Cannes Review: ‘Matthias & Maxime’ is an Unnervingly Mute Study of Contrasts

Of the many labels Xavier Dolan’s Matthias & Maxime came attached with ahead of its Cannes premiere, few felt as apt as those that billed the Canadian’s eighth feature as “a return.” Three years after railing at Cannes’ “culture of hatred” for the mauling his Grand Prix winner It’s Only The End of the World received from critics–and less than one since the even bigger misfire The Death and Life of John F. Donovan bowed in Toronto–Matthias & Maxime shipped Xavier Dolan back to the festival that first welcomed him in 2009, when his I Killed My Mother left the Directors’ Fortnight with a Camera d’Or for best first feature. Homing in on two best friends grappling with a sprawling bromance, Matthias & Maxime also promised to dwell into the non-heteronormative dynamics Dolan had explored at length since his debut. And after two features set abroad, (the France-quartered
See full article at The Film Stage »

Cannes Correspondences #10: Friendly Kisses and Inseparable Sisters

The Notebook is covering Cannes with an on-going correspondence between critic Leonardo Goi and editor Daniel Kasman.Matthias & MaximeDear Danny, How nice it was to read your glowing words on Bong Joon-ho’s Palme d’Or contender. His Parasite belongs, together with a handful of other main competition entries, to a list of Cannes titles I shall be catching up on Saturday, when the festival will run a few repeat screenings ahead of the awards ceremony. With a program as rich and tantalizing as this year’s, it’s virtually impossible not to let a few titles slip past you. And while I may have postponed my rendezvous with the likes of Céline Sciamma, Pedro Almodóvar, and Bong Joon-ho, I did make sure to catch the homecoming of one of Cannes’ youngest regulars, Xavier Dolan. Ever since his 2009 debut feature I Killed My Mother, which found a spot at the 2009 Directors’ Fortnight,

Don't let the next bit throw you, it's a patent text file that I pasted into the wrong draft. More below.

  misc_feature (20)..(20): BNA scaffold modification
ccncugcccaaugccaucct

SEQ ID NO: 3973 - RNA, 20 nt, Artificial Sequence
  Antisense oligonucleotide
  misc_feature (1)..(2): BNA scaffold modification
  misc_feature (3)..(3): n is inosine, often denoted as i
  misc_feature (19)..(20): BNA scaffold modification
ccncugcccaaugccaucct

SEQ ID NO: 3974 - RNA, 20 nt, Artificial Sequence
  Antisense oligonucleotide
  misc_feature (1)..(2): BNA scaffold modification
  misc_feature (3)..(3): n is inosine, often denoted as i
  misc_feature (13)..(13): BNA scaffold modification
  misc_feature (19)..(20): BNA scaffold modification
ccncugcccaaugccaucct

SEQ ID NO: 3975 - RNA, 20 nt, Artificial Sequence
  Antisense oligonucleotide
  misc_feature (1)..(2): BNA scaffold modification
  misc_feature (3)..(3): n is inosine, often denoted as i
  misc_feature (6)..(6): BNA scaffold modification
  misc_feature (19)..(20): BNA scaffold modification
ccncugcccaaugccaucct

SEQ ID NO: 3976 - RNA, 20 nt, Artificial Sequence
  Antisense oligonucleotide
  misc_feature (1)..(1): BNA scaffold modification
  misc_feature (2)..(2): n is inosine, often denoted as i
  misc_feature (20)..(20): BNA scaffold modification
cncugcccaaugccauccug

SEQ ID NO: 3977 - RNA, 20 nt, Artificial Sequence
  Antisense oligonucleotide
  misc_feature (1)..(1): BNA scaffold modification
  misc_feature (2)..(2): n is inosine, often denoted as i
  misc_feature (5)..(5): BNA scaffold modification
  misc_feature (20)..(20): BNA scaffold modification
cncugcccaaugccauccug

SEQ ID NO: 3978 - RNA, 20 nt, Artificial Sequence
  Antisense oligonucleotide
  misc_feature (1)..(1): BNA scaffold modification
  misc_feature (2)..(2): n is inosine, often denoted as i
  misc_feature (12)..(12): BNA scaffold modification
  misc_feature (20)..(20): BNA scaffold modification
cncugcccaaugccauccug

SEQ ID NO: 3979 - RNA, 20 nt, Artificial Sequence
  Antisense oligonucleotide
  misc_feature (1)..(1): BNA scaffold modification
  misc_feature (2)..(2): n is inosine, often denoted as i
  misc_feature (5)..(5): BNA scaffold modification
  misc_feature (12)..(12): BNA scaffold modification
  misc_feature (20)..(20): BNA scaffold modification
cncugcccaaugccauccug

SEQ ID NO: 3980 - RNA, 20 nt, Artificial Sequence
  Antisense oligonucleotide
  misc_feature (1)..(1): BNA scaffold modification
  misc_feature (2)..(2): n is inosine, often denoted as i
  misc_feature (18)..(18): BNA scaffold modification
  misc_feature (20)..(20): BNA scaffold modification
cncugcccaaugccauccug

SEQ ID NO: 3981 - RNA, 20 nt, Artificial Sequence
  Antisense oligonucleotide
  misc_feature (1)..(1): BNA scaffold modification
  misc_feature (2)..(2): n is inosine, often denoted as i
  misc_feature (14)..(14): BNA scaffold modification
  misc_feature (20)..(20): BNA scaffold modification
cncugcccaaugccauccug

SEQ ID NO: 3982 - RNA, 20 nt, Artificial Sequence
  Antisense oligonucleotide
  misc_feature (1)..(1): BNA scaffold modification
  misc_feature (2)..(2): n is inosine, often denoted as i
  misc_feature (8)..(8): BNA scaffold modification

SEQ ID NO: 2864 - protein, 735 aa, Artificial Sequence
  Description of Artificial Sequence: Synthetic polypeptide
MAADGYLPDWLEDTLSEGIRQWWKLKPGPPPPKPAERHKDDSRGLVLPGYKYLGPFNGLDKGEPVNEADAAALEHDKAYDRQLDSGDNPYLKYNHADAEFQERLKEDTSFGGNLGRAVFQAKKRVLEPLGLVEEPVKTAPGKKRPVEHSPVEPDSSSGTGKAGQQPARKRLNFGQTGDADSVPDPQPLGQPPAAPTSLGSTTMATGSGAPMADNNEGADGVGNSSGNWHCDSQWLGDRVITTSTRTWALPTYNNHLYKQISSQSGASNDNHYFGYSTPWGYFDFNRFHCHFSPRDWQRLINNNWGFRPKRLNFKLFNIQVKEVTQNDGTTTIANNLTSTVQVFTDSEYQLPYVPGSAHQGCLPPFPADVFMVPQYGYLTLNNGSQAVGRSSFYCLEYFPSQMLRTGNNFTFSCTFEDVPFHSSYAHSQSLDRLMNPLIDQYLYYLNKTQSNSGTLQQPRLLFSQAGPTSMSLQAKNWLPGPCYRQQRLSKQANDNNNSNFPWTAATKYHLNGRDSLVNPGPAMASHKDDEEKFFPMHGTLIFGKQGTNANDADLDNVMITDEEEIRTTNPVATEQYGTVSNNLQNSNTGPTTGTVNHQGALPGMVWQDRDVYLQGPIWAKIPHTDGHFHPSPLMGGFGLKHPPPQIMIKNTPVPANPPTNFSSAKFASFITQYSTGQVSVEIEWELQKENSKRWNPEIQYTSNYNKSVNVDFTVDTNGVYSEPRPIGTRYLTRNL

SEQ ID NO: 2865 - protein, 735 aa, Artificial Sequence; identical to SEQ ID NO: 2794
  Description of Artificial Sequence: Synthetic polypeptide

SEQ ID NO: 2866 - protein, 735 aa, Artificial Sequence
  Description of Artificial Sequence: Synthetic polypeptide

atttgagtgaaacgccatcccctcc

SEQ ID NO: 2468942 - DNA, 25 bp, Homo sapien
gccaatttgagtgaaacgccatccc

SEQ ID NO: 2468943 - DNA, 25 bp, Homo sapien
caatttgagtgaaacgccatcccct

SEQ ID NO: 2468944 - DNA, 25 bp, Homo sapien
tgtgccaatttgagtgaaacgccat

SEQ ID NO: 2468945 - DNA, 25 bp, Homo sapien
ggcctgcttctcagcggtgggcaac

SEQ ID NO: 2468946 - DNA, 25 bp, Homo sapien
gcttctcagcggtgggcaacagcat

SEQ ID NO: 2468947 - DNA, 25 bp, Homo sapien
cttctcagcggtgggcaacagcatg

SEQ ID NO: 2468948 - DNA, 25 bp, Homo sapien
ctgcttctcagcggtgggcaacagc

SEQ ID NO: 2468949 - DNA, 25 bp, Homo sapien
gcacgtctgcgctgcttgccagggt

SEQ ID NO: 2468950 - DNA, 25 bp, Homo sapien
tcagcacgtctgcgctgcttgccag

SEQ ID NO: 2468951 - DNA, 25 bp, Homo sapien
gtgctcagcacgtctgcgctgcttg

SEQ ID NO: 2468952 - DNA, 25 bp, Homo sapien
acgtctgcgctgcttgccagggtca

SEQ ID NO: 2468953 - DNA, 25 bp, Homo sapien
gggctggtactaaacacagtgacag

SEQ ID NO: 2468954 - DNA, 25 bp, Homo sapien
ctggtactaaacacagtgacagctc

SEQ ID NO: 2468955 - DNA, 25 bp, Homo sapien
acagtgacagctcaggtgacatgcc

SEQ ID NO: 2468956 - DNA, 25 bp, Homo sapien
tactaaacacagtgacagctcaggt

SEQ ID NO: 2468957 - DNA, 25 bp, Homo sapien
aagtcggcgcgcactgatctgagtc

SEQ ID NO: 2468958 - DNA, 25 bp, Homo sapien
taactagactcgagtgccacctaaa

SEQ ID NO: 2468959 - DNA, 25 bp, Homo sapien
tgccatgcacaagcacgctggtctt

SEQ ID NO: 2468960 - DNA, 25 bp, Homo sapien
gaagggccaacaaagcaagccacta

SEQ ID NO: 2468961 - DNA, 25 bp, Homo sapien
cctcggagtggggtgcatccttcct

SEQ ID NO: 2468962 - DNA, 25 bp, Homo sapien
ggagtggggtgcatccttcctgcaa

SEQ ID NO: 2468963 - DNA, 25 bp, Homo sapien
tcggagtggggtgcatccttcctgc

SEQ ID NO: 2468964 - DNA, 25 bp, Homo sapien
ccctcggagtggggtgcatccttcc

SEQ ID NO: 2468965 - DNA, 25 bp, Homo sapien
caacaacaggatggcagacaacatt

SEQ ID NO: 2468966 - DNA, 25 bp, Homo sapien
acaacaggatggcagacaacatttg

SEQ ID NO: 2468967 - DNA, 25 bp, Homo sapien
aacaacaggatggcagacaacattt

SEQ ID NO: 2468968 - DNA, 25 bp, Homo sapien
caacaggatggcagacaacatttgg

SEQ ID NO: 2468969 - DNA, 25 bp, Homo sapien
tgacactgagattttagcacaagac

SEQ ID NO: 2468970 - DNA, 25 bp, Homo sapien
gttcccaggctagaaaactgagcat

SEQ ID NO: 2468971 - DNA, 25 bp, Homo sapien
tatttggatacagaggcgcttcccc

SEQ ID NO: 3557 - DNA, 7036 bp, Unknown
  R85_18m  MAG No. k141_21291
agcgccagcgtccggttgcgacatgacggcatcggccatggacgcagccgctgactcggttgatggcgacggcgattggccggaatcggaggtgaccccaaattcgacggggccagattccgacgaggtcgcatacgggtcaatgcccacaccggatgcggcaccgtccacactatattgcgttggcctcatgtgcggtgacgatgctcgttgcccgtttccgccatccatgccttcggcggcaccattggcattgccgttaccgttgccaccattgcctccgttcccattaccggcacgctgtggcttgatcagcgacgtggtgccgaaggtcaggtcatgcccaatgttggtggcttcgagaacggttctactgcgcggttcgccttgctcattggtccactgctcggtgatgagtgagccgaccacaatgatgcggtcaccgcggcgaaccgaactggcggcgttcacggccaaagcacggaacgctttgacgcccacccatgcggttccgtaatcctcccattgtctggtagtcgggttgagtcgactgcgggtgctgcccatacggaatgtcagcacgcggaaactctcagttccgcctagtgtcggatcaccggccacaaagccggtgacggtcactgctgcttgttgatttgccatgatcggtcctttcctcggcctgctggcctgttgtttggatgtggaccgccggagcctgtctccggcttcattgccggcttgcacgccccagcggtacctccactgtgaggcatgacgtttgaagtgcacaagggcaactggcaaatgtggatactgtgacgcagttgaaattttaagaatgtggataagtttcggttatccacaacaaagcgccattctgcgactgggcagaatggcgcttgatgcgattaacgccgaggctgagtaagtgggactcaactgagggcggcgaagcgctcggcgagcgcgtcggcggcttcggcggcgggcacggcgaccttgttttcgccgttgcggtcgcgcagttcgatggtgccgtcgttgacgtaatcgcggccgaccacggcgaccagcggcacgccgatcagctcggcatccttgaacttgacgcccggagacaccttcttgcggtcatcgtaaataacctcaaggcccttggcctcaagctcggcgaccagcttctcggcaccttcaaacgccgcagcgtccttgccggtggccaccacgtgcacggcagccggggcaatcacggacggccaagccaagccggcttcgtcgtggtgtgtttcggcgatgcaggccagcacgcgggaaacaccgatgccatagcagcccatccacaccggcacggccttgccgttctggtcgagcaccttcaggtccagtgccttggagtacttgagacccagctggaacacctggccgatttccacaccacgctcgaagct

See full article at MUBI »

Cannes Multi-Prize Champ Xavier Dolan On ‘Matthias And Maxime’: ‘The Film Is Not Gay, It’s Life’

Cannes Multi-Prize Champ Xavier Dolan On ‘Matthias And Maxime’: ‘The Film Is Not Gay, It’s Life’
Quebec wunderkind filmmaker Xavier Dolan, who ten years ago at the age of 20 arrived at Cannes and knocked their socks off with I Killed My Mother, returns to the Croisette with Matthias and Maxime about two young childhood male friends, who after a kiss as adults, begin to question their true feelings.

As a filmmaker Dolan’s canon is famed for its homosexual themes and mothers of varying personalities. In Matthias and Maxime, the latter character is about to leave home for a trip to Australia and has to contend with a sick, abusive mother as he tries to leave her in the care of a guardian. How bad is mom? Despite her son’s good intentions, she throws a can at his head.

Said Dolan today at the Cannes press conference for the film, “Many say they recognize mothers and homosexuality in my films. In regards to mothers, we all have one,
See full article at Deadline »

Cannes Film Review: ‘Matthias & Maxime’

Cannes Film Review: ‘Matthias & Maxime’